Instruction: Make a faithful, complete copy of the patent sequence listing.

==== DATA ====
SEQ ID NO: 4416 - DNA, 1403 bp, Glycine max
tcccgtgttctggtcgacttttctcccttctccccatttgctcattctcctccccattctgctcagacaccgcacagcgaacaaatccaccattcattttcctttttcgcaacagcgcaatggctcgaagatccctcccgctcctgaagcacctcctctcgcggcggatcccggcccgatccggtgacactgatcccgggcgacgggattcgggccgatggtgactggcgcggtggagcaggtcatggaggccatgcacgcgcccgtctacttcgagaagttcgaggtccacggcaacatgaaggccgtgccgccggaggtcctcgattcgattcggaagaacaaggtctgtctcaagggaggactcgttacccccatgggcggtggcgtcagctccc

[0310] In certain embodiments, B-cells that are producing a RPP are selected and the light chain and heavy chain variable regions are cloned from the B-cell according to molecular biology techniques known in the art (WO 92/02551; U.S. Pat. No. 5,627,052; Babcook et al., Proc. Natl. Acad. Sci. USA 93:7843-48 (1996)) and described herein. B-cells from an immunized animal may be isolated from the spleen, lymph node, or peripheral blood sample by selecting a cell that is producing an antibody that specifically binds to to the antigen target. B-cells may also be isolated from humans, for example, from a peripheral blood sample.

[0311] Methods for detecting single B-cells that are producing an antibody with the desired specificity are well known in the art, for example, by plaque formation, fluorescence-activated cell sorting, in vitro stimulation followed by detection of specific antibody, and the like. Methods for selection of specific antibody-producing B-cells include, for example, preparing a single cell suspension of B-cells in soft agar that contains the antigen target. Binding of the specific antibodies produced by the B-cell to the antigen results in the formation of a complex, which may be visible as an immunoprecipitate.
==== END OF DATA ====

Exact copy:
SEQ ID NO: 4416 - DNA, 1403 bp, Glycine max
tcccgtgttctggtcgacttttctcccttctccccatttgctcattctcctccccattctgctcagacaccgcacagcgaacaaatccaccattcattttcctttttcgcaacagcgcaatggctcgaagatccctcccgctcctgaagcacctcctctcgcggcggatcccggcccgatccggtgacactgatcccgggcgacgggattcgggccgatggtgactggcgcggtggagcaggtcatggaggccatgcacgcgcccgtctacttcgagaagttcgaggtccacggcaacatgaaggccgtgccgccggaggtcctcgattcgattcggaagaacaaggtctgtctcaagggaggactcgttacccccatgggcggtggcgtcagctccc

[0310] In certain embodiments, B-cells that are producing a RPP are selected and the light chain and heavy chain variable regions are cloned from the B-cell according to molecular biology techniques known in the art (WO 92/02551; U.S. Pat. No. 5,627,052; Babcook et al., Proc. Natl. Acad. Sci. USA 93:7843-48 (1996)) and described herein. B-cells from an immunized animal may be isolated from the spleen, lymph node, or peripheral blood sample by selecting a cell that is producing an antibody that specifically binds to to the antigen target. B-cells may also be isolated from humans, for example, from a peripheral blood sample.

[0311] Methods for detecting single B-cells that are producing an antibody with the desired specificity are well known in the art, for example, by plaque formation, fluorescence-activated cell sorting, in vitro stimulation followed by detection of specific antibody, and the like. Methods for selection of specific antibody-producing B-cells include, for example, preparing a single cell suspension of B-cells in soft agar that contains the antigen target. Binding of the specific antibodies produced by the B-cell to the antigen results in the formation of a complex, which may be visible as an immunoprecipitate.